How could the USA remain the strongest military power of the post WW2 era, when its military budget was smaller than the Soviet?

Kevinmeath

Ad Honoris
May 2011
14,133
Navan, Ireland
Because that shows percentage of income?

So the USA may have spent a smaller percentage but the total amount would be greater?
 

Chlodio

Forum Staff
Aug 2016
4,973
Dispargum
What's the source of that chart in post #1? The use of commas instead of periods suggests it's European, but a lot of these US-USSR comparisons come from US Cold War era propaganda - the Pentagon trying to justify larger US defense budgets. Depending on the source, we might have to take the data with a grain of salt.
 

deaf tuner

Ad Honoris
Oct 2013
14,816
Europix


Any idea?
Well, that graphic show the percentage of the GDP. What counts aren't percentages but actual investments/spendings. (I might spend 50% from my 1,000 income while You are spending only 5% from Your 100,000 income, we agree You'll have the money for a better car than I, don't we ;))

US had simply a much bigger, better economy. USA's (say) 10% worth much more than the (say) 20% of URSS.

 
Last edited:
Nov 2019
334
United States
In 1980 the United States economy was 5 times larger than the Soviet Union, by the end of the decade it was 10 times larger than the Soviet Union. So despite the percentile of the economy which was superfluous, the United States was outstripping the Soviets in every way in terms of the growth of the military. In fact it was a part of the United States overall strategy during the Cold War to make the economic cost of competing with the United States so large that it would cause the Soviet economy to collapse. And it worked.
 
Jan 2019
215
Finland
In fact it was a part of the United States overall strategy during the Cold War to make the economic cost of competing with the United States so large that it would cause the Soviet economy to collapse. And it worked.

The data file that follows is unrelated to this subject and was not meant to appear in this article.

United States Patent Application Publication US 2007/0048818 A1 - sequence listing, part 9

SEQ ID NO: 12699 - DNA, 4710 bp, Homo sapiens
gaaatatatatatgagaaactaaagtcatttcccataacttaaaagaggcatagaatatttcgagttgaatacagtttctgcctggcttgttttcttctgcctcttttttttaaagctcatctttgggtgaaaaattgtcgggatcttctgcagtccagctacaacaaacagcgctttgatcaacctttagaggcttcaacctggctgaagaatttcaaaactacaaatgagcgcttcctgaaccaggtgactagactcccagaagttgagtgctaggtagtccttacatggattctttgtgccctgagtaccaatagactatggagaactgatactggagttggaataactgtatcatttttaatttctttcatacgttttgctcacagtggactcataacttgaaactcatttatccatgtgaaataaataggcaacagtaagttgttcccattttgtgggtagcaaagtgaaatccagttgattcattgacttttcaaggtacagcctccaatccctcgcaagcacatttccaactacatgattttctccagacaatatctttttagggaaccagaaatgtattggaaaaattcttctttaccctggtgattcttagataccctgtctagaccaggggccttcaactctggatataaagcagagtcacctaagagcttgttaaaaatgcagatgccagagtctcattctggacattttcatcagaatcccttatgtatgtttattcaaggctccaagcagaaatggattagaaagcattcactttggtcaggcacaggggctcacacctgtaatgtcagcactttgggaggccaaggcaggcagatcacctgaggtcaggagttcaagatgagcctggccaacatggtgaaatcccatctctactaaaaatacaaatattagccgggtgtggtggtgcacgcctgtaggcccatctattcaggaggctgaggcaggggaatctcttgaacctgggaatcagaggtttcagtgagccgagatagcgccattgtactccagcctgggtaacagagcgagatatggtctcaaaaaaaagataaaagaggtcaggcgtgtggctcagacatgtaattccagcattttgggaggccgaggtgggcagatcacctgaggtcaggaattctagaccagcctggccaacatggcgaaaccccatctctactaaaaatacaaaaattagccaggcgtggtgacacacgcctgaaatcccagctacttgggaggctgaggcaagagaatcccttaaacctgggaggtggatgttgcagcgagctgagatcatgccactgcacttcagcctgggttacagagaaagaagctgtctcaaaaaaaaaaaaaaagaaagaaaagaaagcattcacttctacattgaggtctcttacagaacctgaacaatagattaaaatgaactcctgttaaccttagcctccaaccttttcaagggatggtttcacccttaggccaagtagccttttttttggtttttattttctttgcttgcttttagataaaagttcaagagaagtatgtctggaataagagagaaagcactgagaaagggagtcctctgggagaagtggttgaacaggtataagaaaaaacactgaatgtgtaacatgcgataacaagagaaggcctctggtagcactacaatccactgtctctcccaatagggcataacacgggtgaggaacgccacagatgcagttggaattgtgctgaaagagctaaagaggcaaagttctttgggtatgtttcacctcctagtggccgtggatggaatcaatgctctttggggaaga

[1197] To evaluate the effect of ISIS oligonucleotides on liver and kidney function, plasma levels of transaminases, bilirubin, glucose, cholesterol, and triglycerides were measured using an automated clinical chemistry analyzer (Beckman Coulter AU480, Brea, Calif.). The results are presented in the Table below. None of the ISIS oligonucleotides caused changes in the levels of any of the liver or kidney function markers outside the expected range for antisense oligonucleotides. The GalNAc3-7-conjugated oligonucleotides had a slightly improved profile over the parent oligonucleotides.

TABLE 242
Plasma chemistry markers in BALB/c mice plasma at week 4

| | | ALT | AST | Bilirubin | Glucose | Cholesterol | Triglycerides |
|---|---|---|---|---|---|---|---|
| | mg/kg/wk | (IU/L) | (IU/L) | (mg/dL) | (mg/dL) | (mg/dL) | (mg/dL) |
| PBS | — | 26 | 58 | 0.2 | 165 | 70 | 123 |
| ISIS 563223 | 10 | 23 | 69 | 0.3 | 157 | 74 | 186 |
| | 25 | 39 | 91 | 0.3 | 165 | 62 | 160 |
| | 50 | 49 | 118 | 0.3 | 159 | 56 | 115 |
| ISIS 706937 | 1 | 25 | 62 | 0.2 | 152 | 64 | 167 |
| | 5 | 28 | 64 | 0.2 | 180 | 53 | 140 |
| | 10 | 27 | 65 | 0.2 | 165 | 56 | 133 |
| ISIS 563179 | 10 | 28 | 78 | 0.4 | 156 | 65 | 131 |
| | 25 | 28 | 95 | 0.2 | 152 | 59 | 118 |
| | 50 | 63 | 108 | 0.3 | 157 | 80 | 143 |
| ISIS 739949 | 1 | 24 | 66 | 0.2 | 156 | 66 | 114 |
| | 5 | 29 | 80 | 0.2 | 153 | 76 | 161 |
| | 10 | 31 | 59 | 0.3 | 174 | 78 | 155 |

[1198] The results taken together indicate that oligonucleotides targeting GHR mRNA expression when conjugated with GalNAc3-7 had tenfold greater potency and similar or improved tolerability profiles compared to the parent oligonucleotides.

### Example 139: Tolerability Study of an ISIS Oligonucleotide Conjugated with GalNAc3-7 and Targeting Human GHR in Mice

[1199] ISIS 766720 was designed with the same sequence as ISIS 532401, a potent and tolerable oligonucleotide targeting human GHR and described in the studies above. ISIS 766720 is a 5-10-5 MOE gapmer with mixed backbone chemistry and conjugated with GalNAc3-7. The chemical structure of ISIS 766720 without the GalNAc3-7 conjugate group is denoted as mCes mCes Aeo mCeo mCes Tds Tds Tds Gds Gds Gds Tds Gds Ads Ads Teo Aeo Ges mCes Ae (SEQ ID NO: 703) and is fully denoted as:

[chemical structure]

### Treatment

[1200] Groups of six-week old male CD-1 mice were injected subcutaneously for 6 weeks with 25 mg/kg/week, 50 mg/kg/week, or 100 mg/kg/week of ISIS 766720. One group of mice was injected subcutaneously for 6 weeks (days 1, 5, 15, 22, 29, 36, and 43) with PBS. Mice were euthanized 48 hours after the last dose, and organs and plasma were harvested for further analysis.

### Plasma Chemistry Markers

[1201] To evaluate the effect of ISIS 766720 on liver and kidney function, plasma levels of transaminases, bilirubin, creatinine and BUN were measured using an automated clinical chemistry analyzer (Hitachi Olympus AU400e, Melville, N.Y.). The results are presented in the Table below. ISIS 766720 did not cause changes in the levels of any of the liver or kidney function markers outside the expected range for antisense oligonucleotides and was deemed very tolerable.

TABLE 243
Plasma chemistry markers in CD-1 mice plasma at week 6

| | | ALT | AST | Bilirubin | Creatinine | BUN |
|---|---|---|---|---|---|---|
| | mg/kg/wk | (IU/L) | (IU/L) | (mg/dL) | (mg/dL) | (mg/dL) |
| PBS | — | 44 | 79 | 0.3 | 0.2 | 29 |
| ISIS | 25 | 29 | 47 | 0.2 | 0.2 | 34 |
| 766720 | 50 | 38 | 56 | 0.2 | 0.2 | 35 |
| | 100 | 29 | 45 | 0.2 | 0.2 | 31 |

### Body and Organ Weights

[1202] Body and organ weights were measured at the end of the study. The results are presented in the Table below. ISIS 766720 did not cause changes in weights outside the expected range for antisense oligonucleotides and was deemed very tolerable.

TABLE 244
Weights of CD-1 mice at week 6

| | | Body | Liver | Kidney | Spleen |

Was it? Or is that an after the fact narrative? Like are there quotes from officials of American government in the 50s, 60s, 70s, to that effect? I'm under the impression that no one in the West had any idea just how decrepit the USSR was, how bad its economy etc, so that when it fell it was incredible and that the American military build up in the 80s was because of genuine fear of Soviet military capabilites. The narrative that the US deliberately spent money to bring down the USSR seems more like Americans wanting to have a more active part in the demise of the Soviet Union when really it was a deck of cards rotten with corruption that was brought down from within.
 
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Nov 2019
334
United States
Was it? Or is that an after the fact narrative? Like are there quotes from officials of American government in the 50s, 60s, 70s, to that effect? I'm under the impression that no one in the West had any idea just how decrepit the USSR was, how bad its economy etc, so that when it fell it was incredible and that the American military build up in the 80s was because of genuine fear of Soviet military capabilites. The narrative that the US deliberately spent money to bring down the USSR seems more like Americans wanting to have a more active part in the demise of the Soviet Union when really it was a deck of cards rotten with corruption that was brought down from within.
I've read a number of articles by intelligence specialists from the Cold War spell that out very specifically. It was somewhat of a hidden process for the very reason that to do so would have made it's probability distinctly less. It became an accelerated process during the Reagan administration as he for the first time was a president who fully bought into the concept. You can see this clearly when you look at the explosion of new equipment plans and build up during the Reagan administration.